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Fred Armisen

Funny, Political ‘The Dictator’ with Sacha Baron Cohen

HollywoodChicago.com Oscarman rating: 3.5/5.0
Rating: 3.5/5.0

CHICAGO – Ali G, Borat, Bruno and the Stationmaster Guy in “Hugo” is now “The Dictator.” Sacha Baron Cohen puts on another character mask and produces his usual style of cheap laughs with a surprising sense of political sharpness. Anna Faris and Ben Kingsley go along for the ride.

Only the Kiddies Will Connect to ‘The Smurfs’

HollywoodChicago.com Oscarman rating: 2.5/5.0
Rating: 2.5/5.0

CHICAGO – There is nothing wrong with “The Smurfs” that a thousand volts of electricity couldn’t cure. It is well made, looks good in the optional 3-D and has a competent cast trying their hardest. What it lacks is a spark, either of nostalgia or a fresh update, as it meanders with the seen-it-all-before template.

Low Grade on Report Card For ‘Easy A’ With Emma Stone

HollywoodChicago.com Oscarman rating: 2.5/5.0
Rating: 2.5/5.0

CHICAGO - “Easy A” is simply a hard film to swallow. Set in a high school on another planet, it wants everything and ends up giving very little. The cast is game - Emma Stone, Patricia Clarkson, Stanley Tucci, Thomas Haden Church and Lisa Kudrow - but with few exceptions the players cannot handle the lead balloon banter that passes for jokey dialogue. It wants also to be a grand statement on gossip and those who get hurt by it, but perky Stone doesn’t seem that affected.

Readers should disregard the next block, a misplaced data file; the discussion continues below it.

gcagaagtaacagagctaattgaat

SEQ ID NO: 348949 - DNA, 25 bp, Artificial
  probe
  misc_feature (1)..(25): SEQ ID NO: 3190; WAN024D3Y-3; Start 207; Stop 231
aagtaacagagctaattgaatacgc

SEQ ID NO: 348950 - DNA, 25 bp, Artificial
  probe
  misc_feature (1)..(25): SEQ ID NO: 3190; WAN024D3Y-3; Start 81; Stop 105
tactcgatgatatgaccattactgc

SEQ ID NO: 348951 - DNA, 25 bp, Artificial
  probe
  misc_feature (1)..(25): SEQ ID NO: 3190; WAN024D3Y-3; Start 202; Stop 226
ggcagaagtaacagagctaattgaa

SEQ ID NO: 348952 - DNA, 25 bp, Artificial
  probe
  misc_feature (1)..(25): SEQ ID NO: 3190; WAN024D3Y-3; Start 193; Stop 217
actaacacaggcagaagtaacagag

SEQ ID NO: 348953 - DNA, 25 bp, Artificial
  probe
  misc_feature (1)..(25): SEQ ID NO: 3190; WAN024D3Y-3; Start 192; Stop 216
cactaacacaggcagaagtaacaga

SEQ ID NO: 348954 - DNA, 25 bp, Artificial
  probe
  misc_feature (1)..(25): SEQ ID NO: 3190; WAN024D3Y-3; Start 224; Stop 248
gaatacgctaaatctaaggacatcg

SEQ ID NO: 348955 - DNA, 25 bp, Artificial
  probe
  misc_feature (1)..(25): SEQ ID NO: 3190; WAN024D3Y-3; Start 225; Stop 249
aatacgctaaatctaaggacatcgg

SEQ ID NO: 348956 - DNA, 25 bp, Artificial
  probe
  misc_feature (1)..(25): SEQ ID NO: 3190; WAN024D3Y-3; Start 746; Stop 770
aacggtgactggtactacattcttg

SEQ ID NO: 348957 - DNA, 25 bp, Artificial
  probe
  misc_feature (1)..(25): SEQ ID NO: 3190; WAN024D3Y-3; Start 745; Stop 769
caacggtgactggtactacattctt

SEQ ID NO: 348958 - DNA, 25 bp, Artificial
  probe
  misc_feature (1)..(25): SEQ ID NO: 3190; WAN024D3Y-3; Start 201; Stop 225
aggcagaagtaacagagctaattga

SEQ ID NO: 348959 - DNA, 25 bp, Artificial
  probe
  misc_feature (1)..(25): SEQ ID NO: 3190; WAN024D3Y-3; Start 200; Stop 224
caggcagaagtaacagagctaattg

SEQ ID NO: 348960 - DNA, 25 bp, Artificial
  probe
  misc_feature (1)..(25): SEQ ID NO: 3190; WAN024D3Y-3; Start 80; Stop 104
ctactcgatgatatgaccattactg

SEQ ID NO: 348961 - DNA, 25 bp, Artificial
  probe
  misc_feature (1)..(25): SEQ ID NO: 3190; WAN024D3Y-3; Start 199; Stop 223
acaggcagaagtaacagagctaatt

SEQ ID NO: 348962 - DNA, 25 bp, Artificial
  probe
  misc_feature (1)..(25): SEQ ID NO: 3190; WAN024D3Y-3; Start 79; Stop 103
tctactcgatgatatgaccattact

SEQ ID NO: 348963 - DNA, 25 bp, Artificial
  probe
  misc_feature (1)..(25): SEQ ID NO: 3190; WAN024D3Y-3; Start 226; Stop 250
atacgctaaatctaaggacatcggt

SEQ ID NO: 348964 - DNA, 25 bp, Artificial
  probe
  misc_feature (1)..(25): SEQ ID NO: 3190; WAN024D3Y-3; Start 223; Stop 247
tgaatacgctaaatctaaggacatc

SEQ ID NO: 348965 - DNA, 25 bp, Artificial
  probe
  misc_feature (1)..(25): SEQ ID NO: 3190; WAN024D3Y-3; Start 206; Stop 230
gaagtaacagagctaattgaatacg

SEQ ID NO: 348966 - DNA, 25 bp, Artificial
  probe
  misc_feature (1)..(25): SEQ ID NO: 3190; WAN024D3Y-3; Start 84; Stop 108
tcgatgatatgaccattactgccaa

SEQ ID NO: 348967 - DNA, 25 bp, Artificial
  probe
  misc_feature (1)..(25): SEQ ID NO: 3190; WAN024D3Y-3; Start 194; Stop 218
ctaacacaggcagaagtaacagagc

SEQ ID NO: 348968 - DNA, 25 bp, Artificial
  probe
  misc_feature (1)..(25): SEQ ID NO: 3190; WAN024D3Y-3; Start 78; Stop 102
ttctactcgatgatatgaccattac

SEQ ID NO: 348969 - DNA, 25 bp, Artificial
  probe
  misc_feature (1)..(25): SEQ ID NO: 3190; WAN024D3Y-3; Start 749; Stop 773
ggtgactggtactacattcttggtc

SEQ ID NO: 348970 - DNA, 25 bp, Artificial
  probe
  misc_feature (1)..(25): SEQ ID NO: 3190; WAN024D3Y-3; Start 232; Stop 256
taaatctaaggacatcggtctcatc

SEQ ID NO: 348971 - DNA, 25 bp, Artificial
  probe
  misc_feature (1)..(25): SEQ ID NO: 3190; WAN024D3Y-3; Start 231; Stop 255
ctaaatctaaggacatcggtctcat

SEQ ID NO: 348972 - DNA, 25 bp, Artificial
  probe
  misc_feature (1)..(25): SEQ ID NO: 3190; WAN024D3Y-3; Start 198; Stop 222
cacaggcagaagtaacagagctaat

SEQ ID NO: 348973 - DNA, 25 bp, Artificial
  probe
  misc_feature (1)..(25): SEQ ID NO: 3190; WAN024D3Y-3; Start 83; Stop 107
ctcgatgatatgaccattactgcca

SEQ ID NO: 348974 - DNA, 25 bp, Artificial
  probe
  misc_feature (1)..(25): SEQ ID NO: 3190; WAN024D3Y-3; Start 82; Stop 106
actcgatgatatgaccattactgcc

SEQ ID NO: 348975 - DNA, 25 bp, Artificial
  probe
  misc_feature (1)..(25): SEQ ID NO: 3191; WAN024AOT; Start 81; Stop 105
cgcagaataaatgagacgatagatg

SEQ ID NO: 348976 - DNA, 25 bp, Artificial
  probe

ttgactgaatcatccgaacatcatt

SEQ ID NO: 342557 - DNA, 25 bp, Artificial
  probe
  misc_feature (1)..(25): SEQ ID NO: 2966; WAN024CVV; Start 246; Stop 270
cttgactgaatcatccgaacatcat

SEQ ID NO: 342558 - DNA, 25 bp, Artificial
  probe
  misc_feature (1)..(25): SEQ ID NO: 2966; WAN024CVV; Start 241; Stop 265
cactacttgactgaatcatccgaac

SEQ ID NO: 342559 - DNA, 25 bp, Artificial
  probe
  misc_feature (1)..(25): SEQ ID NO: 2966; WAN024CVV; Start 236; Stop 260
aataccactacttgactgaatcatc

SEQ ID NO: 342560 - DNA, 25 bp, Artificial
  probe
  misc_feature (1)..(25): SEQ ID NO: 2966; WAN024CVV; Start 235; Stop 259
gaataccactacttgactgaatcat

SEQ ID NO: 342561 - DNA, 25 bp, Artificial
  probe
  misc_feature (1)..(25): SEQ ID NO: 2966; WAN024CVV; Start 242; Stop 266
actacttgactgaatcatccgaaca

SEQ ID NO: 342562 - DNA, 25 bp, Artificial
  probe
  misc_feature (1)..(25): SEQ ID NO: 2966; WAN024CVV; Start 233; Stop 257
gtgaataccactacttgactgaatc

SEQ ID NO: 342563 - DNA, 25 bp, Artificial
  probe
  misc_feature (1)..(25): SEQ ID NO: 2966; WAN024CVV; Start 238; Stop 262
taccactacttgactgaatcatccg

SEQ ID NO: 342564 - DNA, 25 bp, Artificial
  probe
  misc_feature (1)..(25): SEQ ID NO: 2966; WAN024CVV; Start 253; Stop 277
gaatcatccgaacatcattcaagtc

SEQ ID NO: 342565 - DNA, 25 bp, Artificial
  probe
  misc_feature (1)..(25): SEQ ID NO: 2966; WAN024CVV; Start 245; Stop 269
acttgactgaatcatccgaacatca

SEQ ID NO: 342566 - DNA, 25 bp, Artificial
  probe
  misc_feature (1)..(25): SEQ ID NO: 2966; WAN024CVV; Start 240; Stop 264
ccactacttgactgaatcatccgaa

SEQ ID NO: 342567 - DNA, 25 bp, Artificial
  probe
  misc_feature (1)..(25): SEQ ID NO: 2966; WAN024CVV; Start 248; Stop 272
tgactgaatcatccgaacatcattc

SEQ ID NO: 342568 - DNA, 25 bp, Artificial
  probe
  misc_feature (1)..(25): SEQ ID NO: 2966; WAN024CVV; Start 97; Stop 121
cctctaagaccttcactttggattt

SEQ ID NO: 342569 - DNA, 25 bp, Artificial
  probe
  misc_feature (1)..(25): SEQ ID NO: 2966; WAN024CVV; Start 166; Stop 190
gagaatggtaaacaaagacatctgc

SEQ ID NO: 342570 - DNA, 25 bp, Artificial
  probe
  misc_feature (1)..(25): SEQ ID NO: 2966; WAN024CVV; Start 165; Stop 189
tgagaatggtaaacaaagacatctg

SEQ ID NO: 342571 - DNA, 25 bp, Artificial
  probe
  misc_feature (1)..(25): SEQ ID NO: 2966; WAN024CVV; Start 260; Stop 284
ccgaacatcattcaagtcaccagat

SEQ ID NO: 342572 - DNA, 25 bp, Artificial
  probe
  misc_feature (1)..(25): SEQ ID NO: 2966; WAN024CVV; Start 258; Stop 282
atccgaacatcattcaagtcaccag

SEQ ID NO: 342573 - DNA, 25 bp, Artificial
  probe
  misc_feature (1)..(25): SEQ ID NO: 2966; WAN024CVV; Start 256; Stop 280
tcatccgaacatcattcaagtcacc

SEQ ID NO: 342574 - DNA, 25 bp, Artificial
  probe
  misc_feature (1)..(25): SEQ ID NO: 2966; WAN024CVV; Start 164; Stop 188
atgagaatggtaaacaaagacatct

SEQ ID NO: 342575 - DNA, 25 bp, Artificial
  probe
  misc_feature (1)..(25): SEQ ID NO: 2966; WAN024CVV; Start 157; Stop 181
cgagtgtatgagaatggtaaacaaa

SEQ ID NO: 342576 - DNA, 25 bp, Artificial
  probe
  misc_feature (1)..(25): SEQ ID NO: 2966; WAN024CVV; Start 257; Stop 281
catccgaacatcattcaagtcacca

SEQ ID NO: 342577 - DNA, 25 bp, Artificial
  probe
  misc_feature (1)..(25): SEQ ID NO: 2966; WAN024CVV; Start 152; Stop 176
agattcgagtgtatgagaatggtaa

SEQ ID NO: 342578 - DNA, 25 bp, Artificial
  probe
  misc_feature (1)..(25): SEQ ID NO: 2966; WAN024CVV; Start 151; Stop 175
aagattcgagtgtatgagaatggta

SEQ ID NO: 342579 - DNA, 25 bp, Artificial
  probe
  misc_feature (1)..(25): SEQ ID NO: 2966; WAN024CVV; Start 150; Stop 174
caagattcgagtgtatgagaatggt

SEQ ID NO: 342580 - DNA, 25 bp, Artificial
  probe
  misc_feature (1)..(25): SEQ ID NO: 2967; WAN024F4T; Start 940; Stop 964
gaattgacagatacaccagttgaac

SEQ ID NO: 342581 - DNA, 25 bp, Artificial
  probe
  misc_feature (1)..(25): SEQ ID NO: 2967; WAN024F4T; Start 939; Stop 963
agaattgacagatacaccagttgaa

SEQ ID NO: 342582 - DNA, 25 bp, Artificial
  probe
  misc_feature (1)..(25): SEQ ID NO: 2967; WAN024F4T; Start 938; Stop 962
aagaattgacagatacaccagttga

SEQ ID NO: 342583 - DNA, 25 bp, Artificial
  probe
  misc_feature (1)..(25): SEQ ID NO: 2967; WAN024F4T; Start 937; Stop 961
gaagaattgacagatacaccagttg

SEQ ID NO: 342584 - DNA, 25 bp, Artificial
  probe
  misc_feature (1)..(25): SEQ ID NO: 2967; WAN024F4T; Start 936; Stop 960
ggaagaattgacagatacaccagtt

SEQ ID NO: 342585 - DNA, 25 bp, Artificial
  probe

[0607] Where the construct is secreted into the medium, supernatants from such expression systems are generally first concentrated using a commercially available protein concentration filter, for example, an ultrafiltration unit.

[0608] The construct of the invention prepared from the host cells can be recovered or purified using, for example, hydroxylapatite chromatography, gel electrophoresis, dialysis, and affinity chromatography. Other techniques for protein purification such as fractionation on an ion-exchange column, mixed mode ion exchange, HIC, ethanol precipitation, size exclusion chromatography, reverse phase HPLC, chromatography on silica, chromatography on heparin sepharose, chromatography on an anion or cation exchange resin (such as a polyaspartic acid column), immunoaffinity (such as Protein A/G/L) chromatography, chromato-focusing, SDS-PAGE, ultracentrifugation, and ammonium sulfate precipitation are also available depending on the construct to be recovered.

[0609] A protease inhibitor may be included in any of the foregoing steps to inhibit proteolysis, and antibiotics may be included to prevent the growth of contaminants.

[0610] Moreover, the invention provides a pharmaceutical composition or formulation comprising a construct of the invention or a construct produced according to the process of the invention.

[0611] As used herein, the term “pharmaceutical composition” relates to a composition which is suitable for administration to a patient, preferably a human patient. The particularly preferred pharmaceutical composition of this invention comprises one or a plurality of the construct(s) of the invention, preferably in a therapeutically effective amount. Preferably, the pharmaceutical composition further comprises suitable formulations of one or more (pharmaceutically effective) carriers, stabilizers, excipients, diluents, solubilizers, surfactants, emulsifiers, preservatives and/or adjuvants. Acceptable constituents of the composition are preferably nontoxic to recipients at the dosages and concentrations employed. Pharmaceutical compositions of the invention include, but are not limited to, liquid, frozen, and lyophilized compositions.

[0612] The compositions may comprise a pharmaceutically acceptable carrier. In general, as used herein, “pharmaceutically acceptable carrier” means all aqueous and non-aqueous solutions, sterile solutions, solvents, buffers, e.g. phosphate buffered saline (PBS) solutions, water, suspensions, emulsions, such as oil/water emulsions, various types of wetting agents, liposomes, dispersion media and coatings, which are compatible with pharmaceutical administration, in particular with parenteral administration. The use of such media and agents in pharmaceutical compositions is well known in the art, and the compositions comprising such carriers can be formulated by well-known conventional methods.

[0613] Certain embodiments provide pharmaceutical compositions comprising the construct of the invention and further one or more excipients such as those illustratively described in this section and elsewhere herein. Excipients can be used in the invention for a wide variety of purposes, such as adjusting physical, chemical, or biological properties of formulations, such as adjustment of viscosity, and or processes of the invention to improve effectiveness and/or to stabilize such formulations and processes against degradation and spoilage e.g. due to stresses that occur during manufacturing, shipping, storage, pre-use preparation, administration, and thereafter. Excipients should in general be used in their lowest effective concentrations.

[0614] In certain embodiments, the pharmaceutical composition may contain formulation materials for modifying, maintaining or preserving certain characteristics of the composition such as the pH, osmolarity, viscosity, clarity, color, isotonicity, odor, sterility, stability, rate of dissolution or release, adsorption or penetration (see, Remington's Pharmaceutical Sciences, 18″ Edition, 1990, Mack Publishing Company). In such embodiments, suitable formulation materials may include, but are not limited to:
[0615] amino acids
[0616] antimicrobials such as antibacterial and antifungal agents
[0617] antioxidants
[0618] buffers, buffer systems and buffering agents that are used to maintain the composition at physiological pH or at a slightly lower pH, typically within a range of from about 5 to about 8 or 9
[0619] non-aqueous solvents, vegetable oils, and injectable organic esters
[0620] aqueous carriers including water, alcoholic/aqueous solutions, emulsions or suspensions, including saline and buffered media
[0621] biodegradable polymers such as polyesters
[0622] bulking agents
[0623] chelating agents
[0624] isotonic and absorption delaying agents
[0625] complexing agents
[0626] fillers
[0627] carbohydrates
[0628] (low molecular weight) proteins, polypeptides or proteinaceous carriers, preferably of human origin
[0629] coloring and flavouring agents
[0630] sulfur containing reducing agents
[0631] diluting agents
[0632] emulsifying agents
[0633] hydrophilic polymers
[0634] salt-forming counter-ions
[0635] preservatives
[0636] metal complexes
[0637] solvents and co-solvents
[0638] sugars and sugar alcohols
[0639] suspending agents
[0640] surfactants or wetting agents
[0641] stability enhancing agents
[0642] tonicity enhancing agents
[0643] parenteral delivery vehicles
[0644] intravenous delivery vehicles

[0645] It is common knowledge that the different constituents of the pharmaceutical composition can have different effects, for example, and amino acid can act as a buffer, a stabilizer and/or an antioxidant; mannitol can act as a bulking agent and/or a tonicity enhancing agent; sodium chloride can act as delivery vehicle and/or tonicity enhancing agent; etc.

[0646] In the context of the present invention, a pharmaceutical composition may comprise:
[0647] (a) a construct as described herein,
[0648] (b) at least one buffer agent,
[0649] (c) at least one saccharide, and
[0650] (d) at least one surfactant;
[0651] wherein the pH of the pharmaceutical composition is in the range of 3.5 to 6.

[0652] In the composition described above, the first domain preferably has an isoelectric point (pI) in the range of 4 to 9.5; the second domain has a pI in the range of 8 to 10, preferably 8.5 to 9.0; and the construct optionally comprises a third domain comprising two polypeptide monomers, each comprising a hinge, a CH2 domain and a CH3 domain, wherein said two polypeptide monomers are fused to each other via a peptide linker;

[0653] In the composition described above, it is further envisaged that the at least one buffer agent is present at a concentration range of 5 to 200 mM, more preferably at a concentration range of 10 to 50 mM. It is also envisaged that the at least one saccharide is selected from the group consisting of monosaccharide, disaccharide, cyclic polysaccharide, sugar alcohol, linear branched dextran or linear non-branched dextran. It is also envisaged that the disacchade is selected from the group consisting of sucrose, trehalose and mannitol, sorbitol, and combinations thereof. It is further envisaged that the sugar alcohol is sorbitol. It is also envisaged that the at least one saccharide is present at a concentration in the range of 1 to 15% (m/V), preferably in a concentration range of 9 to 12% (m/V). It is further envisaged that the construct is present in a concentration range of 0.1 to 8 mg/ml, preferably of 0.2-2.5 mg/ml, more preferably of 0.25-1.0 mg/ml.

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  • Bad Words

    Looming over “Bad Words” is the potential it could have had, as is, were it released ten years ago. With its focus of R-rated behavior poking at the projected innocence of children, along with the couple of chromosomes that keep Bateman’s Trilby from being a Vince Vaughn character, this movie is certainly a product of the comedies that have sculpted out the manchild story in the past decade.

  • Winter's Tale

    The theatrical poster for “Winter’s Tale,” after promising that “It’s not a true story, it’s a love story,” made a large demand from its viewers at the bottom: “This Valentine’s Day, Believe In Miracles.” While there is indeed a difference between filmmaking and marketing, it is hard to not imagine writer/director Akiva Goldsman whispering “believe in miracles” into the ear of every executive who helped “Winter’s Tale” come to life, immediately after throwing glitter on them.

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